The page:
"Nearly half the newborn babies who died in Flanders [Belgium] over a recent year-long period were helped to die by their doctors." This according to a study in the British medical journel The Lancet. There were 298 infant deaths in total in this region, which should give you an idea of the number of euthanized children we're talking about. Thanks to Old Oligarch, via Eve Tushnet, for the story.
Now, the reason I bring this up is not to give you more bad news just for the sake of bad news - there seems to be hardly a week where we don't post some kind of story like this. But in the legacy of Terri Schiavo - which we're going to continue, by the way - these stories gain more importance.
The point I'm going for here is not repetition, but education. Many, if not most of our regular readers, don't need to be convinced of the evil that is in the world; but many of you out there, even those with a true dedication to the dignity of life and a strong commitment to promoting good, are sometimes taken aback by the sheer volume of evil out there.
I can remember a number of years ago passing along a story like this to an acquaintance, who refused to accept that it was true. This person was a decent person - no better nor no worse than anyone else - but I don't know whether or not this person had any kind of strong commitment to anything other that success in business. But the story I related just couldn't be true - I must have misunderstood somehow.
Well, as most of you probably know by now, if there's one thing I don't like, it's being told that I'm wrong when I know I'm right. (Of course, one of my problems is that I always think I'm right, but that's another story.) And one of the things you need to be able to do in situations like this is prove what you're talking about. That's why we provide stories like this, information that you might not have access to elsewhere, or might not be aware of.
Evil is real, and it's out there. Some people don't want to deal with that - they clamp their hands over their ears and try to drown it out. Others simply deny it - they blame the messenger, they scoff at the news, they use ridicule as the best weapon. These are the people who would have laughed a few years ago if you'd suggested a constitutional amendment to protect marriage might have been necessary. They're the people who laugh now if you point out that bigamy could be the next taboo to go.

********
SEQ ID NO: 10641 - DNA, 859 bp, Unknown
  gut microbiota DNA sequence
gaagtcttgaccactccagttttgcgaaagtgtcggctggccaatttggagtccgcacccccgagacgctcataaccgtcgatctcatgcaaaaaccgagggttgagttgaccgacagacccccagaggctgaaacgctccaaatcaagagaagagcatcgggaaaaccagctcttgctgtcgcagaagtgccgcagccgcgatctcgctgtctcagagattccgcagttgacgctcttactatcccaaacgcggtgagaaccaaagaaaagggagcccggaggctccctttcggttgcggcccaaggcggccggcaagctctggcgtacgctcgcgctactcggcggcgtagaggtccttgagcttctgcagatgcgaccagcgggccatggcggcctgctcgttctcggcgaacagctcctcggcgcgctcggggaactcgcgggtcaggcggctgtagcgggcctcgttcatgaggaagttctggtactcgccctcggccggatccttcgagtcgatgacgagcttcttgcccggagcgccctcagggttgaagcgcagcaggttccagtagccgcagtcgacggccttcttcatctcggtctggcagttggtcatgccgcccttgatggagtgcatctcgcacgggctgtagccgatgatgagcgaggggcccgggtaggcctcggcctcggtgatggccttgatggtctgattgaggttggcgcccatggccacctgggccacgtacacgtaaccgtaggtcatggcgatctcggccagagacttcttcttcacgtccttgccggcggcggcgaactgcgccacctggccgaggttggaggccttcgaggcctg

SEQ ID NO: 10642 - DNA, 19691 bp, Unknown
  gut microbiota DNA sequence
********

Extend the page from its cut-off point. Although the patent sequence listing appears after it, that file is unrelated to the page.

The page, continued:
I suppose in a way it's a mark of the innate goodness of many people that they react with horror and disbelief to such horrific possibilities; in their heart of hearts they simply can't believe anyone would go along with such a ridiculous proposition. Unfortunately, we all know where the roads paved with good intentions lead to. It's another symptom of the decline of this country that people want to think with their hearts instead of their minds. But it's been my experience over the last couple of years that more and more people are wising up; they're starting to believe that the worst is not only possible, but there are people out there dedicated to making it happen.
I created a stir at a job once by questioning the involvement the Susan Komen Foundation has with Planned Parenthood. At first people didn't want to believe it; the fight against breast cancer is such a good cause, so noble, so politically correct in Corporate America, there can't possibly be anything wrong with it. What would Planned Parenthood have to do with breast cancer? When I pointed out to them that the relationship was true (and that, incidentally, PP has a very good reason for wanting to deny a connection between breast cancer and abortion), they fell back to another form of denial; well, that may be so, but even so I'm sure their involvement is merely an educational one. PP can do some good things, can't it? For that, I'd direct you back to one of my favorite blogs, The Dawn Patrol. Dawn has done some great work on PP, and this is her latest, an unfortunate tie-in to our initial story: "Planned Parenthood and other abortion providers quietly destroy 80 percent of all children in utero who have Down syndrome." Now, regardless of the merits of fighting breast cancer (a noble, noble cause; I've known courageous women who've successfully fought this disease), can you really tell me you're comfortable giving money to an organization that funds a group like PP? There are a lot of breast cancer events going on around Mother's Day; I have a feeling you and I are going to be revisiting this post in a few weeks.
That's the nature of good and evil. Evil can be subtle, masking it's presence, entering under cover of darkness; but it can also be bold, transparent, so obvious that it makes otherwise good people doubt its existance. You and I know better; otherwise, you probably wouldn't be reading this blog. The easiest way for the devil to win, for evil to emerge triumphant, is for good men and women to do nothing. And that's why we publish some of the information we do; if you're going to fight the good fight, you need to make sure you have the ammo.